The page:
12x12 inches - pastel on Strathmore
©2011 Sonya Johnson
This was painted last Friday, I believe, during a fishing/painting trip to Haviland Lake. Back in mid-May, we'd hiked to the north end of the lake to a small and somewhat secluded peninsula away from the main shore that all the campers and most fishermen use, and it didn't seem that far...so, I decided to bring my french easel along for this trip. However, after hauling it over 1/2 mile from the parking lot and across a good section of large broken rock, I was less enthusiastic about my decision and my shoulder and hand were nice and fatigued by the time we arrived to the location.
However, it took me pretty much no time at all to settle on this view - this small extension with its rocks, lots of neat grasses and reeds, and of course the lake reflections. The distal shore has a slope of pine-fir-spruce to the left that transitions to a flat open area with some scattered pines and the distal Hermosa Cliffs and their aspen-covered slopes.
I was thankful I'd put the Terry Ludwig dark eggplant (V100) pastel stick in my plein air box, because it's one of the few dark pastels I have to use for deep shadows (and I can see why so many pastelists find it an indispensable part of their palette). I ended up finishing up the conifers in my studio, and did some touch-ups on the reeds and water reflection.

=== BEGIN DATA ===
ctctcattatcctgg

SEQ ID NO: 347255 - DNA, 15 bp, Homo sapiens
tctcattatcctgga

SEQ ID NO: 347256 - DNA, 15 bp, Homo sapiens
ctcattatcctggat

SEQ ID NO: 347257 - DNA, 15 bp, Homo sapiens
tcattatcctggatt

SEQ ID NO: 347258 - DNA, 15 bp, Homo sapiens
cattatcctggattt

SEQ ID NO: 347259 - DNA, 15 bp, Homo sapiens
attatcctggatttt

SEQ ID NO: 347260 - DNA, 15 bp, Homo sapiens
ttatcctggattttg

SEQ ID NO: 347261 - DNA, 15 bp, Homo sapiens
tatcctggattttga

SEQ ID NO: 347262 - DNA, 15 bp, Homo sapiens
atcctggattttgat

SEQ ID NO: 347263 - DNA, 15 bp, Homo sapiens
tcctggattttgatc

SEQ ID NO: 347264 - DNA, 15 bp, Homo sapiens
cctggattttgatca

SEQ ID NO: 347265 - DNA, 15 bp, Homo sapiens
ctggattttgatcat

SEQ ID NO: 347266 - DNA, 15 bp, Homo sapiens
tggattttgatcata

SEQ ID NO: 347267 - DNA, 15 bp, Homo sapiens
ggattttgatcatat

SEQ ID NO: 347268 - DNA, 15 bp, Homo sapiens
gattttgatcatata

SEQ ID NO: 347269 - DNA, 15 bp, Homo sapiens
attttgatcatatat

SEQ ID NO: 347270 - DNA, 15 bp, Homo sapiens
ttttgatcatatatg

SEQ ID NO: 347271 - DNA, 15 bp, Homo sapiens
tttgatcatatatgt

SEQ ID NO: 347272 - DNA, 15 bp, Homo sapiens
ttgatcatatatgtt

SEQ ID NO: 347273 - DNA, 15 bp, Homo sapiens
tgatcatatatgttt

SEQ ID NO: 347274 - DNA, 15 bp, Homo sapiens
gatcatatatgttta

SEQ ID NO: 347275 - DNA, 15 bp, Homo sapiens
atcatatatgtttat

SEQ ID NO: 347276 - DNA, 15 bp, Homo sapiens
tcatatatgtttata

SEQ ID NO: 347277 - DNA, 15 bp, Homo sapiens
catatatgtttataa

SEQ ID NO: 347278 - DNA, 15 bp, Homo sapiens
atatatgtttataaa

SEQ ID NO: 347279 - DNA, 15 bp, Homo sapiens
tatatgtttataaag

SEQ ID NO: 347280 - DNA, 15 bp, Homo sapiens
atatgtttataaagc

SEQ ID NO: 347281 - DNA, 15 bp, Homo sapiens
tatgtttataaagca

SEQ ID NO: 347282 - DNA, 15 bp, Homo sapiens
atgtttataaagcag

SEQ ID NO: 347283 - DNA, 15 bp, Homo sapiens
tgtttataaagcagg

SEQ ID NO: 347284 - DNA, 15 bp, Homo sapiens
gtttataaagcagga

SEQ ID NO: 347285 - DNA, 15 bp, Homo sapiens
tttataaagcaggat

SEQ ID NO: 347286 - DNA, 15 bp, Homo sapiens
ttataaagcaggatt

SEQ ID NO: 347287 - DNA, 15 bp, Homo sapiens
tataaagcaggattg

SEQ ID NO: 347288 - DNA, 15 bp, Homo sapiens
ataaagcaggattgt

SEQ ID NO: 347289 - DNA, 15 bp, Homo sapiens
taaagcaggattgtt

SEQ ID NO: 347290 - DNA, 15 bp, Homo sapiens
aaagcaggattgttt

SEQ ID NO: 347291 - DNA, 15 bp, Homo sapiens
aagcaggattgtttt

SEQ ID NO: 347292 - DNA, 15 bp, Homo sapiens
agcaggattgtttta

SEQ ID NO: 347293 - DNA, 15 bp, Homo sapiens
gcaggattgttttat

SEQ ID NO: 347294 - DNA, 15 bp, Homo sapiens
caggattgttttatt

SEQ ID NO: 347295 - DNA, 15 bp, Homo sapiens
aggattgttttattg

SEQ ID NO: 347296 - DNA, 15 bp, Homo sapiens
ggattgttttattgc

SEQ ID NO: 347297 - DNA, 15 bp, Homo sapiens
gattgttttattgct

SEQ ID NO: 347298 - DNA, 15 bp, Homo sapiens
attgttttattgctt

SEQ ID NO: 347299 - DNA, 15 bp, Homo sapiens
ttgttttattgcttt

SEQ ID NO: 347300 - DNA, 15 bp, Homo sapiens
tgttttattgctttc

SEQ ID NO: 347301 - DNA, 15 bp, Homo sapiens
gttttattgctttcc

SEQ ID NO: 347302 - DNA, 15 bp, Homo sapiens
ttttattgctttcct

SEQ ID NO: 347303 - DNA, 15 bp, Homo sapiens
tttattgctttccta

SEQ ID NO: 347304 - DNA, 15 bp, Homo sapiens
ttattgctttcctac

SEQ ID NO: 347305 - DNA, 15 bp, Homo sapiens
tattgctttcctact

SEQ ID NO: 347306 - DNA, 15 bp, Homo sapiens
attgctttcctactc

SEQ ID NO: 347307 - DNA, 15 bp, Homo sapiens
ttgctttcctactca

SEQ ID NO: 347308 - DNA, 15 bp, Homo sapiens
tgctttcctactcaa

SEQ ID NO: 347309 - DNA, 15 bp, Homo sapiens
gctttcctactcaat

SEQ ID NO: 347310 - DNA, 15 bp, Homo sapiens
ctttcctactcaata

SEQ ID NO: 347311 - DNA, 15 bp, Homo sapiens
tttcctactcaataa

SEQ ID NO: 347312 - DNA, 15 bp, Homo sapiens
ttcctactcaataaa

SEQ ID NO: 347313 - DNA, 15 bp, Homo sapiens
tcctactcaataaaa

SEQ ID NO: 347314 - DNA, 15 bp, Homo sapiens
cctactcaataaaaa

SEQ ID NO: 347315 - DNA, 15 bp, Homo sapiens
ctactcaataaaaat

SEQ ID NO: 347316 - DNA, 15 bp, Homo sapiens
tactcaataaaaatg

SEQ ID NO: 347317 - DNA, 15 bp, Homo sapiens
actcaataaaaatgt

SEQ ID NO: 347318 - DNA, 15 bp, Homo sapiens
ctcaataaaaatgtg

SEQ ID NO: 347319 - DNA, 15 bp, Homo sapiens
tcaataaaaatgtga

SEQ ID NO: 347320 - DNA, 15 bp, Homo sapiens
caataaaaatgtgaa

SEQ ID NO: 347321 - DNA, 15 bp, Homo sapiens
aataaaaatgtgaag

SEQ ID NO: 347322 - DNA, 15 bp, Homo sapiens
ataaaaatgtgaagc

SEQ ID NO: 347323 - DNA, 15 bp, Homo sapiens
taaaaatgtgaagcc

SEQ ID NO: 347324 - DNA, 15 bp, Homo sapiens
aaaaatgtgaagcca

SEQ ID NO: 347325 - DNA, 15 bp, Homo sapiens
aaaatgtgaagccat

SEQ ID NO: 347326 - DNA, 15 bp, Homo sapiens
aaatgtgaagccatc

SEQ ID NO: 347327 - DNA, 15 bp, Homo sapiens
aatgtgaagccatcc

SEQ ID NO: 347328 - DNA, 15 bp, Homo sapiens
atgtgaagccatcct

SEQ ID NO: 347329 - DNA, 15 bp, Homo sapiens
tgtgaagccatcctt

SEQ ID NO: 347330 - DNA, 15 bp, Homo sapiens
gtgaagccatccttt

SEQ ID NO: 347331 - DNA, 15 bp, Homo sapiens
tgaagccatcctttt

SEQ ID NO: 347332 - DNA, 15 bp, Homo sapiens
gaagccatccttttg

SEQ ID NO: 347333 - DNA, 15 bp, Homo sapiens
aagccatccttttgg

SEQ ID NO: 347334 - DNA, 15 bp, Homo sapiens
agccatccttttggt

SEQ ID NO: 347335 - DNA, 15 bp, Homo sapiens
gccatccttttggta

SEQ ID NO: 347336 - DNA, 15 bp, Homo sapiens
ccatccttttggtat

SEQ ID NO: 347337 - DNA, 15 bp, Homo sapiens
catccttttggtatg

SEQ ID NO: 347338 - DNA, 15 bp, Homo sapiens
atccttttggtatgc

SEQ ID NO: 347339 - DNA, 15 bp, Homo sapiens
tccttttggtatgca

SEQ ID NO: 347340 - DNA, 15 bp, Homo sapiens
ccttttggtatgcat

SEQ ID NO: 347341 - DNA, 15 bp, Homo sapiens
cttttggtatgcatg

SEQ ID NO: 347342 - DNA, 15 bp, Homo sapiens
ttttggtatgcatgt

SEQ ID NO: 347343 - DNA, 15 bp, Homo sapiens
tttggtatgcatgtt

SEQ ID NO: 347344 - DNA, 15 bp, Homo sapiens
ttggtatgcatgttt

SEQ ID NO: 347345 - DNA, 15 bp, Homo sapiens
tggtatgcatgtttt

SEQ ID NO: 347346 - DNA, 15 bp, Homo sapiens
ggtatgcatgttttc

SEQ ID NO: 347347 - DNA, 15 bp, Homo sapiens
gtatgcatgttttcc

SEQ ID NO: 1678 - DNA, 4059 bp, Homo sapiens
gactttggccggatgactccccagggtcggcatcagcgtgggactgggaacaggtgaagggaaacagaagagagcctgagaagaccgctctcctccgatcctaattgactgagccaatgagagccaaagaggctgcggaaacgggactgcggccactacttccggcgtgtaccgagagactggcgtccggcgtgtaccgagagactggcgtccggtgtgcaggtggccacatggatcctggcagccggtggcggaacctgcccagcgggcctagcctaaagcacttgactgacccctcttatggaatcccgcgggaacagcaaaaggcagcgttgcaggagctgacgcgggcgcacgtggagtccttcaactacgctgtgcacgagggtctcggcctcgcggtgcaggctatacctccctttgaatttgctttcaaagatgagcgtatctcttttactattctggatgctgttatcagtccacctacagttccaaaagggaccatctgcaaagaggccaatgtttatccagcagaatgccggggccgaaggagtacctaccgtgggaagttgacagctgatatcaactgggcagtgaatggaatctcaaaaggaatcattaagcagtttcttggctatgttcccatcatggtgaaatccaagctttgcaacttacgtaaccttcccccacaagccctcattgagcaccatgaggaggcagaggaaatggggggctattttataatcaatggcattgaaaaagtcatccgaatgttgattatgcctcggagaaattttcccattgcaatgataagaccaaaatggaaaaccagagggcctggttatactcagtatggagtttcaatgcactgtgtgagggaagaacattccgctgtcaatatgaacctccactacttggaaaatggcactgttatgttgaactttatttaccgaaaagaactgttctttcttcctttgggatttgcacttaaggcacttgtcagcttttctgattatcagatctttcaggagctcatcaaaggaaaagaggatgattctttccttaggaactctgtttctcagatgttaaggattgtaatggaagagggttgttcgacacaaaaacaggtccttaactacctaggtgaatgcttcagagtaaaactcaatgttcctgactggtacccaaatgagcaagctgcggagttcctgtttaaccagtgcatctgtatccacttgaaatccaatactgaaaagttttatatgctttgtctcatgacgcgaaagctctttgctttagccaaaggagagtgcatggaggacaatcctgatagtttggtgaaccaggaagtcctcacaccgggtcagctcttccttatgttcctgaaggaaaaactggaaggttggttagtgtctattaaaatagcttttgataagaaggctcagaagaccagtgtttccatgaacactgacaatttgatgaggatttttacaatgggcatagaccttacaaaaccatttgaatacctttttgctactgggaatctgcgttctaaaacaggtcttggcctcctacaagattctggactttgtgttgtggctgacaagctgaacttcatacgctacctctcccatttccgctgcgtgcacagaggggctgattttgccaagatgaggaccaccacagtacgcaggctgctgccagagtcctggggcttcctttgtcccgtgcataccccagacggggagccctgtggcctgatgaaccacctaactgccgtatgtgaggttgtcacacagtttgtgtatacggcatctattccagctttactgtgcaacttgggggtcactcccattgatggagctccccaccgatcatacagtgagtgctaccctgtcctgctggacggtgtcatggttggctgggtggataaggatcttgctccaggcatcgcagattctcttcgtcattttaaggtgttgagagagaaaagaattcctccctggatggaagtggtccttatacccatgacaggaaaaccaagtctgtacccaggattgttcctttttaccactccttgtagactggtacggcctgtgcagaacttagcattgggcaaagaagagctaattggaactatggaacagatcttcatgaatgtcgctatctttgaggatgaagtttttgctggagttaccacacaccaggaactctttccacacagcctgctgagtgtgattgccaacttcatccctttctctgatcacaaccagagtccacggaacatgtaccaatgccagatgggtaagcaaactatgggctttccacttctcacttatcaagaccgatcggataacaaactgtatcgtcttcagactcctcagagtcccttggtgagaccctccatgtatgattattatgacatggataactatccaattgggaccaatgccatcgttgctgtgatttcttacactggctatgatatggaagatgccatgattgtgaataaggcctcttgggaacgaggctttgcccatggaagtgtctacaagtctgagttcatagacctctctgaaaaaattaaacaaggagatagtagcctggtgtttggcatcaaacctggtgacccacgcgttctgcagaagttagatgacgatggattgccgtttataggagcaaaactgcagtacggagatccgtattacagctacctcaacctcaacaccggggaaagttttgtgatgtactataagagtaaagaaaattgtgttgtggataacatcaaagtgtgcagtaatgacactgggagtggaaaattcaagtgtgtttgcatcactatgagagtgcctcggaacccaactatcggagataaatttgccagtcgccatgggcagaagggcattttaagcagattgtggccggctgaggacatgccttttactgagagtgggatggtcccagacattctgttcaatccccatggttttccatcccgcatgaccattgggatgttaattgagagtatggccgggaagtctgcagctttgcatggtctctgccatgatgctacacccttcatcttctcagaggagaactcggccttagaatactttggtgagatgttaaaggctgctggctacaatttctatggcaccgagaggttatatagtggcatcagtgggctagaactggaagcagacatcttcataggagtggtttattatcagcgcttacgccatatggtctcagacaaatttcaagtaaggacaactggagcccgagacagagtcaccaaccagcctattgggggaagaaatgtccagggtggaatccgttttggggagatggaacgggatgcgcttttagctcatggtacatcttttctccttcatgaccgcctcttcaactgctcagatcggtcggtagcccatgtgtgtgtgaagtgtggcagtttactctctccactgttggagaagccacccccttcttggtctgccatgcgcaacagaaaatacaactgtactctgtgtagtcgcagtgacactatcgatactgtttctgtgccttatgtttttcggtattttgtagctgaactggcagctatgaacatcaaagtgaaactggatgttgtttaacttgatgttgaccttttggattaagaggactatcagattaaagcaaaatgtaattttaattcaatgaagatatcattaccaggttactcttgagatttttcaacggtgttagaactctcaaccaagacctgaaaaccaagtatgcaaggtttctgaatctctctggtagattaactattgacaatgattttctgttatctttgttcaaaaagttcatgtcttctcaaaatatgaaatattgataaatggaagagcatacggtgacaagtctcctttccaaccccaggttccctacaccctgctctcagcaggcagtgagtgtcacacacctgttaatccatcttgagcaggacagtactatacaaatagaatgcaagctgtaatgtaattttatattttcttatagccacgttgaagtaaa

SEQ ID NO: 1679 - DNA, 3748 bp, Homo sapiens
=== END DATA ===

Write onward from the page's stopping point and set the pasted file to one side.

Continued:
I'm not sure the blue on the right side of the lake reads properly, but that's what was going on - small ripples were producing these sky blue bands and the bottom wasn't visible at all. If this was sanded paper, I could keep tinkering with them until they looked right, but it isn't and thus my ability to make adjustments is a bit limited. I already adjusted them twice (and reshot the photo just before I started this post), but I don't think it helped.
I've wanted a hummingbird feeder ever since we've lived in Durango, and in June, I bought a couple of inexpensive feeders. It's been a few weeks, and now the little birds have been visiting the one off our lower deck regularly. Of course, one of my ulterior motives was having them for photographic subjects. So, there will no doubt be periodic pictures of little hummers showing up here from time to time.
They are so entertaining and fascinating to watch, and quite frankly, just plain cute. I can't identify this species from my Audubon field guide, unfortunately.
Here are a few from the other day:
Having a look inside
This one was literally right outside the door, perhaps 2' away, and hovered long enough for me to get this photo. What I like about this photo (aside from the unique perspective) is that the directional motion of the wings is visible - they appear to be moving in a figure-8.
Having a drink
How these birds manage to live on nothing but sugar water is amazing to me
Taking a break
The birds seem to use the little perches maybe 1/3 of the time during their visits. A few will just sit for close to a minute, either feeding or just sitting and looking around